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Senate moves forward to fund government despite snags over Manchin’s energy plan

Congress is poised to approve a short-term government funding patch next week that includes billions of dollars for Ukraine, likely thwarting a shutdown even as ongoing hiccups over permitting drag out negotiations.

It’s still unclear if the temporary funding fix will include language to speed up the approval of new energy projects. While the notion has bipartisan support, Republicans and Democrats are split on the details, and time is rapidly running out to reach a compromise.

The Senate is expected to move first on the stopgap spending bill. Majority Leader Chuck Schumer moved Thursday to advance the funding measure, setting up a test vote for early next week even though lawmakers are still racing to finalize the legislation itself.

That vote to advance the stopgap, likely to occur on Tuesday or Wednesday, would require 60 senators. The New York Democrat is determined to attach the energy permitting provisions to the funding patch, stemming from a deal with Democratic Sen. Joe Manchin that cemented the West Virginia centrist’s support for the party’s health care, tax and climate bill.

But if political sparring over permitting delays a Senate vote on the motion to proceed, the House could move first on a funding patch without the energy provisions, Speaker Nancy Pelosi said Thursday. Government funding is set to expire at midnight on Sept. 30. Lawmakers have said the stopgap would likely keep the government funded through Dec. 16.

Manchin unveiled his package to ease energy permitting on Wednesday. And in a boost, his GOP counterpart, Sen. Shelley Moore Capito of West Virginia, said Thursday that she supports Manchin’s plan. But Manchin needs more assistance from his Republican colleagues to get it across the finish line.

Most Republicans think Manchin’s bill doesn’t go far enough to ease permitting rules, and they’ve rallied around a separate GOP proposal introduced by Capito. Plus, Republicans aren’t willing to reward Manchin for cutting a deal with Schumer over the summer that allowed Democrats to pass their signature climate and health law without GOP votes.

Meanwhile, a growing chorus of Senate liberals and House progressives are calling to separate the temporary funding patch from the energy permitting provisions. Sen. Elizabeth Warren (D-Mass.) said Thursday that she wants a separate vote on the short-term funding bill, while Sen. Bernie Sanders (I-Vt.) has said he’ll vote against the stopgap if it includes permitting measures.

“I would use any tool that we can to make sure that this provision is not passed,” Sanders said of the permitting provisions earlier this week.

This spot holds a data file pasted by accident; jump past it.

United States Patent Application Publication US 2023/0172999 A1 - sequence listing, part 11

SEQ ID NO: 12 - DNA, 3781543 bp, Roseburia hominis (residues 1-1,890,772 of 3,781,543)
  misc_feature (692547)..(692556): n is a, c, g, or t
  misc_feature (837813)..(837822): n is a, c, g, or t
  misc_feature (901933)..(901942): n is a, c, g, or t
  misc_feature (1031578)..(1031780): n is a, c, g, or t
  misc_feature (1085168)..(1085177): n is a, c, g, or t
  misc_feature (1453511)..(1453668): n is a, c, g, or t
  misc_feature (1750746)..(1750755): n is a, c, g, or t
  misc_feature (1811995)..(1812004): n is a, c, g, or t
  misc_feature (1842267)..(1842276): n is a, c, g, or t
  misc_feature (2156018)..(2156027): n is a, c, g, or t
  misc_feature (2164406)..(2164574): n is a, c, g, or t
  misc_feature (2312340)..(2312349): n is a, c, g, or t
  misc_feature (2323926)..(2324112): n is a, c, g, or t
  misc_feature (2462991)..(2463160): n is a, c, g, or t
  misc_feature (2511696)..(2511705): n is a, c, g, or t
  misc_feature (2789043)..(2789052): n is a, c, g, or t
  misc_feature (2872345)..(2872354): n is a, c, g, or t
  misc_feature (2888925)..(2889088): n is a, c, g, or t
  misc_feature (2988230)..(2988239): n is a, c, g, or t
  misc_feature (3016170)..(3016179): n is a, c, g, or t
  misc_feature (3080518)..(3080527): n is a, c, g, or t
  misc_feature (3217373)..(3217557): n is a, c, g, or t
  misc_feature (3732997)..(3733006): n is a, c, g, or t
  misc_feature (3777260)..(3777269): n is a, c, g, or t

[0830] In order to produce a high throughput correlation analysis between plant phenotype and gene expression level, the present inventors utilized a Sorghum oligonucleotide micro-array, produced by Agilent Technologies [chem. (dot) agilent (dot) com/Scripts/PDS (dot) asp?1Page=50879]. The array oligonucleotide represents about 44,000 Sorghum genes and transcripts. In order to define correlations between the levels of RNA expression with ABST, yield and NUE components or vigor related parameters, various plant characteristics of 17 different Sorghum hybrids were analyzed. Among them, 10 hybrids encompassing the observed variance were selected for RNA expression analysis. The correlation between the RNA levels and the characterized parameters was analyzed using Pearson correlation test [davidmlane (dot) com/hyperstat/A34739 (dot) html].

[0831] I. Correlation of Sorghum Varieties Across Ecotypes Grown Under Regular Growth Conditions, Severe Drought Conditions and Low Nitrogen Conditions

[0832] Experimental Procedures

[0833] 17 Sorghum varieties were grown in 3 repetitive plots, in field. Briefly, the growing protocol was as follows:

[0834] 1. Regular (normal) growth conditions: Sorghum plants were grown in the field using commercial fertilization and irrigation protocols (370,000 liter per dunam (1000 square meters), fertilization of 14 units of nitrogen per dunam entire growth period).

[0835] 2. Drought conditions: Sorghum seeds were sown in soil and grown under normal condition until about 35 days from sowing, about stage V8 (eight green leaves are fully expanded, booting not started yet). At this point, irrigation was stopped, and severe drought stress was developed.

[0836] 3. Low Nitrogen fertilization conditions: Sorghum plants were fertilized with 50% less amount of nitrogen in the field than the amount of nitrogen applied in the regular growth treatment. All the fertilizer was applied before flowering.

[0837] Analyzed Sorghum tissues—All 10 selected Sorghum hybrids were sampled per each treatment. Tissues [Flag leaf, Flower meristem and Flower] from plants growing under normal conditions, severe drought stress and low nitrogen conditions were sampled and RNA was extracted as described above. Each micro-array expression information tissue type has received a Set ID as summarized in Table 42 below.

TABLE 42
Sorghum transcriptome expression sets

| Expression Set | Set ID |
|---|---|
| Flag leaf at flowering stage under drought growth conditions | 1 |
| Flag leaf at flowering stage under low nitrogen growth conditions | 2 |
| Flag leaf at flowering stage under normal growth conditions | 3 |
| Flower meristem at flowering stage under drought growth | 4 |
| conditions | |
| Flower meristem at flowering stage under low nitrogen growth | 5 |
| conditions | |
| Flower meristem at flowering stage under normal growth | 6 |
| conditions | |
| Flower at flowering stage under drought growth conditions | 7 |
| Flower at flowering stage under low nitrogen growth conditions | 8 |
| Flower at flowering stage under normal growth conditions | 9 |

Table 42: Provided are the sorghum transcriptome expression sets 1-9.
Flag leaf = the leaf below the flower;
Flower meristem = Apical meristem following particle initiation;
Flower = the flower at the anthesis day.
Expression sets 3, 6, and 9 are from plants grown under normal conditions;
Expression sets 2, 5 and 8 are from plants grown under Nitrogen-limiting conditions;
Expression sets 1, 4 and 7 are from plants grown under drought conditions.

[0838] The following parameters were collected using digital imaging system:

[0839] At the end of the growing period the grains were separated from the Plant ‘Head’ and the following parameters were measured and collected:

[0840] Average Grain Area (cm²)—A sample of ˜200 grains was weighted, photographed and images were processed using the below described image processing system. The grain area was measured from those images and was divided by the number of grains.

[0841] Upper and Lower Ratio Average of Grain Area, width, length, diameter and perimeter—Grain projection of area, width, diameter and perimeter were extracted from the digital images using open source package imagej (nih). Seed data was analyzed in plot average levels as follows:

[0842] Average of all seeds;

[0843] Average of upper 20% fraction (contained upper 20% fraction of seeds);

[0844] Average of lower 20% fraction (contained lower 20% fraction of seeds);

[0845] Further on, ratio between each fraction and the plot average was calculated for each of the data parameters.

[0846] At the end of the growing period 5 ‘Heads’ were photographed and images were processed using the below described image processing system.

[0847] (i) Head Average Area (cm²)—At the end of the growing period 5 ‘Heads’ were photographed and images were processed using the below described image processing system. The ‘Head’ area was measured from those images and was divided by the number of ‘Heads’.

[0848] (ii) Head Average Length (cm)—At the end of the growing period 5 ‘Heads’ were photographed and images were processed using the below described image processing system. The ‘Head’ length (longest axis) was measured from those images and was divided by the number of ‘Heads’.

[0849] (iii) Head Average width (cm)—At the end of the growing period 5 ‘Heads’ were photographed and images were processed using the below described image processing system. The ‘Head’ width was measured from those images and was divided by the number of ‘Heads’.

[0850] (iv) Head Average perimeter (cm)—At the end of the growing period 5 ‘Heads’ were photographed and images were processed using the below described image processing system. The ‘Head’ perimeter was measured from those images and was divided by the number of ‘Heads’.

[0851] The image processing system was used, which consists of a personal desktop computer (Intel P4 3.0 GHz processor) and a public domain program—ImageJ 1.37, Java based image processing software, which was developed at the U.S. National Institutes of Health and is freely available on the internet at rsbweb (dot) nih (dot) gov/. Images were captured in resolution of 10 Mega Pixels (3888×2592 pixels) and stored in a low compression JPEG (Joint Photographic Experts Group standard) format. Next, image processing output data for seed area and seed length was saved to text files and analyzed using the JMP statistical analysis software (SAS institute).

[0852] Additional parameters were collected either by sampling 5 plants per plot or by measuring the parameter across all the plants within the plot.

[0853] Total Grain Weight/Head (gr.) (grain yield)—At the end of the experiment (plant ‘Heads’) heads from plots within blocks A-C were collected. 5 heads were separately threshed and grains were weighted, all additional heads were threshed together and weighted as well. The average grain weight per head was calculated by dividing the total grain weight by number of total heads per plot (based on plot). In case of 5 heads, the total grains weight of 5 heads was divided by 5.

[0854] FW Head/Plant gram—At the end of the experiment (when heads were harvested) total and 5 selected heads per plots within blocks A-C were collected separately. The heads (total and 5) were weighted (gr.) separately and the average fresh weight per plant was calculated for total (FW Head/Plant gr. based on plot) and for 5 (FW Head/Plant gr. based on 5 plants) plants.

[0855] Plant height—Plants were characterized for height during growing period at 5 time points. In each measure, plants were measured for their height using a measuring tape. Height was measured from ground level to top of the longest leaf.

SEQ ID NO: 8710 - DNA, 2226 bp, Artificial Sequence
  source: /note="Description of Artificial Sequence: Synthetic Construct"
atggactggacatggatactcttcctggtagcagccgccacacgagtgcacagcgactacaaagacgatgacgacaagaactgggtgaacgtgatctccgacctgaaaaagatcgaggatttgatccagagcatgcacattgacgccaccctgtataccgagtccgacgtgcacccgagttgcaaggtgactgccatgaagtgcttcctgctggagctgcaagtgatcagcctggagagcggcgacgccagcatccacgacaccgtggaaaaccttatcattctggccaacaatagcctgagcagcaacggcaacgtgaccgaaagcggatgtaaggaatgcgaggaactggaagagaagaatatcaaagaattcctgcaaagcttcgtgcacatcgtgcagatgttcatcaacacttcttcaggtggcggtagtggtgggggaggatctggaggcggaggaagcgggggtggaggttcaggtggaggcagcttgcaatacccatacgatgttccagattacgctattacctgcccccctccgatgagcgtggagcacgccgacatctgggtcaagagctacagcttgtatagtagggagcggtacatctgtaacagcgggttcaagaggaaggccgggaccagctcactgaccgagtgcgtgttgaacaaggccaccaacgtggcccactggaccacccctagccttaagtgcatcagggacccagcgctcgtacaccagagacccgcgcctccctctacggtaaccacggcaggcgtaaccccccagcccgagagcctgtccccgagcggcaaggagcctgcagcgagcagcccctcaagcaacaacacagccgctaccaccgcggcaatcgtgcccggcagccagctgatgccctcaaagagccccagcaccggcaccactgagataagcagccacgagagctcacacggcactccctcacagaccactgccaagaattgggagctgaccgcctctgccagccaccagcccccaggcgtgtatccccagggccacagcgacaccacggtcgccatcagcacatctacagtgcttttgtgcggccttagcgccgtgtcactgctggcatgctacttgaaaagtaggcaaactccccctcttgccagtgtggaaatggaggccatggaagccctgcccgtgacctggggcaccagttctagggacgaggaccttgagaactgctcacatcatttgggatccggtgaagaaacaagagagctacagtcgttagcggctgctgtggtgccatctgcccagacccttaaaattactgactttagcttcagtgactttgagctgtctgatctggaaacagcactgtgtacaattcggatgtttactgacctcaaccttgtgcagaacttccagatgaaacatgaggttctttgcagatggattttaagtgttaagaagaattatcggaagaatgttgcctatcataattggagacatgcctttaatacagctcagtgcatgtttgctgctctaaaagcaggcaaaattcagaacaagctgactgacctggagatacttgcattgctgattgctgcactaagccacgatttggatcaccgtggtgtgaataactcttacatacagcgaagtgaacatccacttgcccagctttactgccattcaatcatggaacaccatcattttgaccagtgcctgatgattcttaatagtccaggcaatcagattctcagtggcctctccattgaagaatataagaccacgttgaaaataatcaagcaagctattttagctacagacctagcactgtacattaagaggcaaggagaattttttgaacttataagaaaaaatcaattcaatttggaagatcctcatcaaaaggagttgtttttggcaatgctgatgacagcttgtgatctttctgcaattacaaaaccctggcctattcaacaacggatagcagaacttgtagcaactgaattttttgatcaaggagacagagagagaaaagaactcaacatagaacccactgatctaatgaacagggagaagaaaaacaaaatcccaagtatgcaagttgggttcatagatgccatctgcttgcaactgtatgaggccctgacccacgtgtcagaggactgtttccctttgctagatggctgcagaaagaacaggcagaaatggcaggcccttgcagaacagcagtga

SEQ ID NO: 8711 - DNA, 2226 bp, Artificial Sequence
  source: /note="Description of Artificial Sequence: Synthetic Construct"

Sen. Tim Kaine (D-Va.) is also objecting to Manchin’s package because it would approve the Mountain Valley Pipeline in West Virginia, which stretches into his home state. Kaine lamented that he had no input on the proposal, even though more than 100 miles would run through Virginia.

“I’ve tried to be really candid … meeting with Sens. Manchin and Schumer to express, ‘OK, here are pieces I’m fine with, but this piece about Virginia, you didn’t talk to me and I have real concerns,’” Kaine said Thursday. “So exactly how they resolve all that, not clear.”

Republican Sen. Kevin Cramer of North Dakota predicted that the stopgap will have to move forward without the energy permitting provisions, citing pushback on the left and the right. Instead, they’d likely need to move forward on a “clean” bill, he said.

“I just don’t see any enthusiasm for Joe’s package,” Cramer said. “And if people like Tim Kaine are upset about it, I just don’t see how it pieces together within their coalition.”

The bill is expected to include billions of dollars in emergency funding for Ukraine. Schumer is pushing for $12 billion, although appropriators said the final amount is still being negotiated.

Lawmakers also reached a deal on Thursday to include a five-year reauthorization of the user fees that fund much of the FDA’s work.

Additionally, the bill could include billions of dollars to bolster the federal response to natural disasters, in addition to emergency cash to help Jackson, Miss., addressing a crisis that has left hundreds of thousands of people without clean drinking water for months. House appropriators are eyeing as much as $200 million in emergency additional cash for the city’s dilapidated water system.

Katherine Tully-McManus, Nancy Vu, Burgess Everett and Annie Snider contributed to this report.

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